Monday, July 07, 2008

Garnaut Review preliminaries

I have been reading the enormous Garnaut Climate Change Review (hereafter, Review) rather selectively – mainly in relation to forecast events in the Murray-Darling Basin. I'll report on my investigations later and also comment on what to me are the guts of the Review's work - it's findings on designing an emissions trading scheme which are in the last one third of the Review.

I wonder about the size of this Review. Those without specialist interests in climate change will not read the whole document because the effort is too daunting while those with specialist interests might not read it because there is a huge amount of material in the Review that is non-new – I cannot see much that is new in Chapters 1-5. Chapters 6- 7, 11-13 include much descriptive material already published or which is on meteorological websites. The substance starts after Chapter 14 - that is useful information since it cuts the read by 50%.

I can’t help thinking a much shorter and more focused discussion would have been better. It is unnecessary to engage in yet another literature review – there is already plenty of material out there e.g. the Stern Review. What is of interest are the specific problems Australia faces and this should have been the exclusive emphasis – indeed these problems were the main assigned ‘terms of reference’.

On the other hand the document is well-written and thoughtful. Climate change is a ‘diabolical policy problem’ and is ‘insidious rather than confrontational’. Given the high levels of uncertainty involved there are significant incentives to procrastinate yet the costs of doing this are huge. We need to take action when there is no immediate need to do so and where third-rate politicians eager to grab at any short-term political advantage bedevil attempts to deal comprehensively with the issues. Moreover international cooperation of a type never achieved in history is required. The Review points out the problems but also the advantages Australia has in terms of being a resource supplier to Asia and in terms of its resilient market-driven economy.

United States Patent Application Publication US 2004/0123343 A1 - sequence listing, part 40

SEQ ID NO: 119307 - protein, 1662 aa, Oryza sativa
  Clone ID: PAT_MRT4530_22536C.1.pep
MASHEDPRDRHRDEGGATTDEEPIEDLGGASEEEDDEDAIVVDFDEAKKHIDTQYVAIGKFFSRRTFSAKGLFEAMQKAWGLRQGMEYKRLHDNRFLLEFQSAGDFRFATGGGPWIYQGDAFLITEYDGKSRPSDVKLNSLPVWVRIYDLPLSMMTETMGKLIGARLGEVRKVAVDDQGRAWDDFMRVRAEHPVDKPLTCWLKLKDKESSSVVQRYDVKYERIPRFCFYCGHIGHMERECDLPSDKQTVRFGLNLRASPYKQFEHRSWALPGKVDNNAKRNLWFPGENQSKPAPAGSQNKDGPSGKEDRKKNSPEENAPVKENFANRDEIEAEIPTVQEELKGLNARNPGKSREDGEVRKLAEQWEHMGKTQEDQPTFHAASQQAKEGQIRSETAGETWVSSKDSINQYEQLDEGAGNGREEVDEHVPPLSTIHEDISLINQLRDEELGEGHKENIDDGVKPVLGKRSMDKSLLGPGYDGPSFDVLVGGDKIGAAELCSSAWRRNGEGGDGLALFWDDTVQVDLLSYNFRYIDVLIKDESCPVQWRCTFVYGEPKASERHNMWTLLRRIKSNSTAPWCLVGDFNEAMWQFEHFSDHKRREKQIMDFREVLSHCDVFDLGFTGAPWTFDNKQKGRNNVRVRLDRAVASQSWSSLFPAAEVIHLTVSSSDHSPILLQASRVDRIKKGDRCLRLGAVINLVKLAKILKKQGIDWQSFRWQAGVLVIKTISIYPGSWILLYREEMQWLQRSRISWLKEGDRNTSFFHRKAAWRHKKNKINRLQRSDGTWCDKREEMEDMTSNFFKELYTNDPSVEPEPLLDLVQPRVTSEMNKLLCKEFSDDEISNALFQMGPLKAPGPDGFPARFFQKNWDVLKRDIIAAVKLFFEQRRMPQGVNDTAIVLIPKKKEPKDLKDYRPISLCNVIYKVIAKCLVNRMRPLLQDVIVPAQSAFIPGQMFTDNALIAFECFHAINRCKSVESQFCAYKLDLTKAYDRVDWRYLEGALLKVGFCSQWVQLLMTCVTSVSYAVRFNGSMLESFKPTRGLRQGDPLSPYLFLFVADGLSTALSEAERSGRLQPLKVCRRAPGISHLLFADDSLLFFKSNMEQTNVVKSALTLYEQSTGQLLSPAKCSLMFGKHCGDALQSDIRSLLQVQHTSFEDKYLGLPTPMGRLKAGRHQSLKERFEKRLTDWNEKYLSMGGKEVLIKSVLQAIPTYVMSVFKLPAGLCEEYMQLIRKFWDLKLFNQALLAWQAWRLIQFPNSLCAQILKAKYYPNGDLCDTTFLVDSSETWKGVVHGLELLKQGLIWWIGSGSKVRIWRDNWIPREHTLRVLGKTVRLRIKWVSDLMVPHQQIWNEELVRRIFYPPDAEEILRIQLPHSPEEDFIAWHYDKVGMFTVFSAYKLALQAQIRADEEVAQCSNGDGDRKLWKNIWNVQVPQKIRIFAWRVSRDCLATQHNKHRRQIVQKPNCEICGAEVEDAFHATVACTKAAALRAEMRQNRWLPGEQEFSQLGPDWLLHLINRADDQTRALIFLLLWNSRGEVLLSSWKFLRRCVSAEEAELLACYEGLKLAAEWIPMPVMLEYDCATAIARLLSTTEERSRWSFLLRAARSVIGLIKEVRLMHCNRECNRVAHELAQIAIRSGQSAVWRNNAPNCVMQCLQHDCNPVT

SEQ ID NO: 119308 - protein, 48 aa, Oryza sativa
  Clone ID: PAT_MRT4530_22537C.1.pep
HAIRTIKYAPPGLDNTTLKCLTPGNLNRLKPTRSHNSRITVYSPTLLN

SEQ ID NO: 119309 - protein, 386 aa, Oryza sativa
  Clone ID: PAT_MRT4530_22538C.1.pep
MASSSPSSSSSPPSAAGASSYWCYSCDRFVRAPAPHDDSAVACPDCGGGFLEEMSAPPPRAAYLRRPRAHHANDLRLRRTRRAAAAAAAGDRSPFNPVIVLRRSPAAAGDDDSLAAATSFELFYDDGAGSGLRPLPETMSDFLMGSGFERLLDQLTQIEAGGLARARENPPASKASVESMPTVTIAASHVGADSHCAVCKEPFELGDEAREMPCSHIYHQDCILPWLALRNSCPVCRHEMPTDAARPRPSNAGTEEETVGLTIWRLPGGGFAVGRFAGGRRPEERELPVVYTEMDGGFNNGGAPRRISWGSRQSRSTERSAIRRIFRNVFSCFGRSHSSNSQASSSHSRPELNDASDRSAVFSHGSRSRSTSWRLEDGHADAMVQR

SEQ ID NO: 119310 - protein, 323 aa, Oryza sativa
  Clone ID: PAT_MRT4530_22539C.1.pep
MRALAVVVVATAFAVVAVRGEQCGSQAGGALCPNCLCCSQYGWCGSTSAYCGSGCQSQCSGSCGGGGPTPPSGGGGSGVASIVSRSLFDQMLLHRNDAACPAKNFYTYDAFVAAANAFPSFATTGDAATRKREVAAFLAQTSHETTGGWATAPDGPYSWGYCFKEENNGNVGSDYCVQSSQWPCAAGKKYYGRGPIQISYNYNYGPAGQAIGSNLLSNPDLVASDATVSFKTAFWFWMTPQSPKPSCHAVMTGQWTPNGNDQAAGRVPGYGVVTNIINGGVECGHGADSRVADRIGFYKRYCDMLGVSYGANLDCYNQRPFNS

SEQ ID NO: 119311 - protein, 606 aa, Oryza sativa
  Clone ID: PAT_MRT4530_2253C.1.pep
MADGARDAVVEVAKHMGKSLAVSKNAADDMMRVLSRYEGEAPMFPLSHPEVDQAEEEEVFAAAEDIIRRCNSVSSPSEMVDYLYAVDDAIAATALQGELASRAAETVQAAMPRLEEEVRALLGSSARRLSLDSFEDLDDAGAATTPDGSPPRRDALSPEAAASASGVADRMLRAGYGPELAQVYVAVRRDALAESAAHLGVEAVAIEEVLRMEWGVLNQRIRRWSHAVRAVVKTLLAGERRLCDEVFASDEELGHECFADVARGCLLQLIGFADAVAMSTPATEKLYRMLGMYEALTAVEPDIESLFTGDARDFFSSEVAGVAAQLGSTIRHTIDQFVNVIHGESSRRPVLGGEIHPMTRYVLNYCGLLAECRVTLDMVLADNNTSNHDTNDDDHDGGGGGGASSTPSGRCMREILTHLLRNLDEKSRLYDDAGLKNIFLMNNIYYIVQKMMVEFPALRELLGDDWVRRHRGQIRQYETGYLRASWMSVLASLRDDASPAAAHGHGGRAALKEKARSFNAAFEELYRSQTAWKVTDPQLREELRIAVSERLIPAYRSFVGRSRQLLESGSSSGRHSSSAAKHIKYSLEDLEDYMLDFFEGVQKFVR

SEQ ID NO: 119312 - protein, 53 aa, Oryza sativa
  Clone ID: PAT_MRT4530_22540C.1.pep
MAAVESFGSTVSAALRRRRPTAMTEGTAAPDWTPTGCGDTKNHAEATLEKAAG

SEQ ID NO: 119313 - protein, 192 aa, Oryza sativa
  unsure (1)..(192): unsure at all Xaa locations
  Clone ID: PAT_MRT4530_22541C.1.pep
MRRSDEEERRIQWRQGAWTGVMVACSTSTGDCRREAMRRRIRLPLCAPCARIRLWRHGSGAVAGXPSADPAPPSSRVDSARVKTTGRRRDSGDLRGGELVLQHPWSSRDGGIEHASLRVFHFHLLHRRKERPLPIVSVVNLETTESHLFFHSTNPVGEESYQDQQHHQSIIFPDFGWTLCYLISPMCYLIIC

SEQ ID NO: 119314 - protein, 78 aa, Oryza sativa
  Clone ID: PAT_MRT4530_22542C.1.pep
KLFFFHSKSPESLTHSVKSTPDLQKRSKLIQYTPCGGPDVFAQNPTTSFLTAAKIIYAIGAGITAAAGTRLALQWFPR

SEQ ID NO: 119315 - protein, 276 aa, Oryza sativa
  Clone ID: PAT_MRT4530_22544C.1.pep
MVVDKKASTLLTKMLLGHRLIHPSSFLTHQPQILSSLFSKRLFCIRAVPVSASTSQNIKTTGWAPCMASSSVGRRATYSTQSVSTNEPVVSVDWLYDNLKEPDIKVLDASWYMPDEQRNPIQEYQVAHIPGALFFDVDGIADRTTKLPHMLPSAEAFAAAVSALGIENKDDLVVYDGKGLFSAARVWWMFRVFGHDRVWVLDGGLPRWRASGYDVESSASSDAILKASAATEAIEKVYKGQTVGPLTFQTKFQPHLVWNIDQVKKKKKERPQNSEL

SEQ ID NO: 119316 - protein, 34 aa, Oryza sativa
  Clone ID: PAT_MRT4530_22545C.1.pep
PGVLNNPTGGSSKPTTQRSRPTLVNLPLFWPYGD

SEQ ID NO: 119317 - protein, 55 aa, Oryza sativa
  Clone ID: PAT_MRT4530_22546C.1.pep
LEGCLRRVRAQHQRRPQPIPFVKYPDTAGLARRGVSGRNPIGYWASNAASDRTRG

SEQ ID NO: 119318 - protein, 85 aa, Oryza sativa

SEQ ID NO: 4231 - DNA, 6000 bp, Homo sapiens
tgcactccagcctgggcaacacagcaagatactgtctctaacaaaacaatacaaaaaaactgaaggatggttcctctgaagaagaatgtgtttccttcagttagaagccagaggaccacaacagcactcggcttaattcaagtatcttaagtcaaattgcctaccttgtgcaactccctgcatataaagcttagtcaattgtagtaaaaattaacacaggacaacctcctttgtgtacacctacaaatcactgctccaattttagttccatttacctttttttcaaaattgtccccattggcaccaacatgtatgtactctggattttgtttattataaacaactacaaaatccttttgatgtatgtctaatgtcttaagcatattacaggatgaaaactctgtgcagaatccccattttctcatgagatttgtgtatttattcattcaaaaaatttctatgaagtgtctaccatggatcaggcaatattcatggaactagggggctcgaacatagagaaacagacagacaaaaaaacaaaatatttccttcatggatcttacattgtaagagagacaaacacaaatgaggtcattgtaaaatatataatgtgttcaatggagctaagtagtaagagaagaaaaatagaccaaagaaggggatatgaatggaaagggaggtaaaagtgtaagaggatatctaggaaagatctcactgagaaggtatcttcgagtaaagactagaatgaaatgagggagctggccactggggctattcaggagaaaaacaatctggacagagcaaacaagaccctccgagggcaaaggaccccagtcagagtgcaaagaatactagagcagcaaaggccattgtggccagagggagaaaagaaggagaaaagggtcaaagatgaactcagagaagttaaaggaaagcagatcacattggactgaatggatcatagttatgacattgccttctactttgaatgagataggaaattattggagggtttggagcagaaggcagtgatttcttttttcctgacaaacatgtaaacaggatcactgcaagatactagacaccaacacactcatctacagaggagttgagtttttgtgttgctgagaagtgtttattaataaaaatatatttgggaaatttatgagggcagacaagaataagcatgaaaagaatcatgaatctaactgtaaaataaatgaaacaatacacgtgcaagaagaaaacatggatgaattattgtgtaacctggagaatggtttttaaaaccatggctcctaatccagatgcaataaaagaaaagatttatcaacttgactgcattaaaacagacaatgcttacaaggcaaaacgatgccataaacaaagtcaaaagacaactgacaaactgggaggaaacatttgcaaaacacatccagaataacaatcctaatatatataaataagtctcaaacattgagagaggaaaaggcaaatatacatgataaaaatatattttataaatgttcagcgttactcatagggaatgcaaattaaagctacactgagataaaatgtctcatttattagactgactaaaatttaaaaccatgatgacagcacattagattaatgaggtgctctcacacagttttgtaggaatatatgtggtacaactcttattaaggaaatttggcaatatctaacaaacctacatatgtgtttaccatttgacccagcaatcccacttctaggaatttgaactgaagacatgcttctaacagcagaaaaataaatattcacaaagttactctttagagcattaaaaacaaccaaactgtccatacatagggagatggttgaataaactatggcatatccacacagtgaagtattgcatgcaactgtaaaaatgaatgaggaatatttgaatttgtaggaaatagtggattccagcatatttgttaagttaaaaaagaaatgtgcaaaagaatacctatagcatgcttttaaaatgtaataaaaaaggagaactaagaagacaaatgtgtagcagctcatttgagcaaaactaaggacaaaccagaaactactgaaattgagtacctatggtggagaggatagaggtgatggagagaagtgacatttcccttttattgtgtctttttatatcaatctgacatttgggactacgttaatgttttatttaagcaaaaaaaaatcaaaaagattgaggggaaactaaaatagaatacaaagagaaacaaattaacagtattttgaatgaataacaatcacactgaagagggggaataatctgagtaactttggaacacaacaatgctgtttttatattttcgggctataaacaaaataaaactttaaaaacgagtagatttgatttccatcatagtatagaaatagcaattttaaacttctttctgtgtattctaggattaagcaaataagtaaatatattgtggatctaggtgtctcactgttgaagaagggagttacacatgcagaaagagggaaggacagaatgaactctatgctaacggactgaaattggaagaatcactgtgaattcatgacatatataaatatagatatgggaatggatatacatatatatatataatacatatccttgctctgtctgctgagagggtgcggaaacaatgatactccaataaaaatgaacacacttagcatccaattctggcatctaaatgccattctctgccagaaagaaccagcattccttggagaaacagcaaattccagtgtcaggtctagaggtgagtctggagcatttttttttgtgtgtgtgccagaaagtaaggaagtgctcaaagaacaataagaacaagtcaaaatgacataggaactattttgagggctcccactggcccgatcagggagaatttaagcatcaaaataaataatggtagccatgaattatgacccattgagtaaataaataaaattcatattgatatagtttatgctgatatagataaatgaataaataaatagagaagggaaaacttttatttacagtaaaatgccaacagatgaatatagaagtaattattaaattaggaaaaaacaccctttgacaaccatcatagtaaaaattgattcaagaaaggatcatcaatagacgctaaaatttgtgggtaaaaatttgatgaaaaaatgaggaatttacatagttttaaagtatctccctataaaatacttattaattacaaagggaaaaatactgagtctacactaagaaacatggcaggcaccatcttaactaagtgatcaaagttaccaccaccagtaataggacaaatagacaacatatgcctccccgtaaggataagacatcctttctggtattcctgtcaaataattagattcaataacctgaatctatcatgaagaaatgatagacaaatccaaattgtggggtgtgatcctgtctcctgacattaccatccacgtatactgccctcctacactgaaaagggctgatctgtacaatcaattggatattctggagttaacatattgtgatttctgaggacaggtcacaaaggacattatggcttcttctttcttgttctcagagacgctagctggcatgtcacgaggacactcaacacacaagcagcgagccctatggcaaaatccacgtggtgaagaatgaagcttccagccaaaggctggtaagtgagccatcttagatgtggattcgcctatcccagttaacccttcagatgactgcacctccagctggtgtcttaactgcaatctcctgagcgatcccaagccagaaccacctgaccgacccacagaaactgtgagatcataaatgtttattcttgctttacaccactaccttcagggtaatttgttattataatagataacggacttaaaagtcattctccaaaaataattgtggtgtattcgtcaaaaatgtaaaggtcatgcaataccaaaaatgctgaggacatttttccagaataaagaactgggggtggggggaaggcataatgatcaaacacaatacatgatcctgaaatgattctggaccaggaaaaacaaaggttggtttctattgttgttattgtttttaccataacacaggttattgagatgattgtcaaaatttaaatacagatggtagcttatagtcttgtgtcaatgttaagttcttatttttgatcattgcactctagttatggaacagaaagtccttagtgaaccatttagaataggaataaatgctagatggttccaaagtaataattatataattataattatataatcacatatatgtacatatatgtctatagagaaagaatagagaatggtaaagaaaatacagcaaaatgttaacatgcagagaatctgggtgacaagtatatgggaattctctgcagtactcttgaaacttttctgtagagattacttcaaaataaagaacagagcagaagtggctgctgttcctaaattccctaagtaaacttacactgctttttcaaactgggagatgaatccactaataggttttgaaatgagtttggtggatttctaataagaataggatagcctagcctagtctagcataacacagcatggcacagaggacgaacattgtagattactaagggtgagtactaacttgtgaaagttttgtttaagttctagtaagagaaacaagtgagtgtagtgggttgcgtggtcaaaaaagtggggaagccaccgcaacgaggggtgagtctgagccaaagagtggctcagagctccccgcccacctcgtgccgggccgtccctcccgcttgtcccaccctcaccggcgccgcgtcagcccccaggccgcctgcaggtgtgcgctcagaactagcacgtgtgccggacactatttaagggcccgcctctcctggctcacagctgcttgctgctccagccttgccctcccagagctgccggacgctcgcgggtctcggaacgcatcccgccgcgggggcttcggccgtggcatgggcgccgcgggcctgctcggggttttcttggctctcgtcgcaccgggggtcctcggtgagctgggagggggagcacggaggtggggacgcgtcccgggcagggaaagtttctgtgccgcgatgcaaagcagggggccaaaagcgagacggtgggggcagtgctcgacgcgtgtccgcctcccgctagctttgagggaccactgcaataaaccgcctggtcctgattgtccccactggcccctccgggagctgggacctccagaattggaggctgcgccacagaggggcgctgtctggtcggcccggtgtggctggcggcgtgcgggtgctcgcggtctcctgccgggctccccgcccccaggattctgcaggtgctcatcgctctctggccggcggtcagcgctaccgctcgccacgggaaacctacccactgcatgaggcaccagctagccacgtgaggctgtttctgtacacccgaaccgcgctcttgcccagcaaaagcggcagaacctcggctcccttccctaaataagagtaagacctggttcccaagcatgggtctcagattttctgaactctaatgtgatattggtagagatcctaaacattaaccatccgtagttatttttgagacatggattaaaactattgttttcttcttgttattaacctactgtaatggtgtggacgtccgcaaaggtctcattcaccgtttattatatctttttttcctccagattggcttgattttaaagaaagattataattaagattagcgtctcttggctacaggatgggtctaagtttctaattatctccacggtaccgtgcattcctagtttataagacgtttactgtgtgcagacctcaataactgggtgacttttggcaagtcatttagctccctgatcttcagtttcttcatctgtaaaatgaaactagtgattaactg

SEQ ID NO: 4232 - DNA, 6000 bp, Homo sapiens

The Review does not present specific targets or estimate the costs and benefits of mitigation - these we are told will come later - although it does estimate trajectories of the economy without climate change or mitigation comparing this with estimates with climate change but without mitigation – the difference between these scenarios is one way of measuring the cost of climate change.

The Review is frankly a political document that is designed to encourage politicians to show conviction on the climate change issue and to motivate voters to back those who do. Thus there is a considerable amount of pure fiction in the report. For example the Review forecast in 2008 that output in 2100 (in the absence of climate change) will be 700% higher than at present with per capita output quadrupling. With median estimates of climate change and no global mitigation response GDP would fall from this level by 4.8%. I wonder if any economist in Australia places faith in such numbers. Yet it is these numbers which are being used as reference scenarios through to 2100.

Of course the immediate defence is the imperative 'do better' which I cannot. There is also the inevitable defence that a simple message needs to be told to achieve what those pursuing the Review believe is sensible policy.

I also would have liked much more explicit discussion of the 2007 report by the CSIRO detailing climate change forecasts for Australia – these are very similar to the 2001 forecasts. I would also like to see detailed the Monash Multi Regional Forecasting (MMRF) model which is the main way actual climate changes are forecast to translate into economic changes which is barely discussed at all. The only reference to it is to a qualitative piece by Phillip Adams in 2007. We are told that more details will be provided in the ‘Supplementary Report’ due later this year. In my view this is unsatisfactory and not a detail - these two inputs determine the climate change outcomes of the Garnaut Review.

Update: Colleague Damien Eldridge points to this link to further information on MMRF.


Anonymous said...

Harry, regardless of the details of the long-term growth expectations, isn't it reasonable to suppose that a) that barring complete disaster we will be far, far richer, materially, in 2050 let alone 2100 than we are now, and
b) that the costs of a sensible policy for mitigating climate change will be small compared to this increase in material wealth?

hc said...

Not sure about a) but probably so.

Agree with b).

Its a quibble about the 700% and 4.8% figures.

Econometrics has little to contribute to such forecasts in my view. Better to ask economic historians.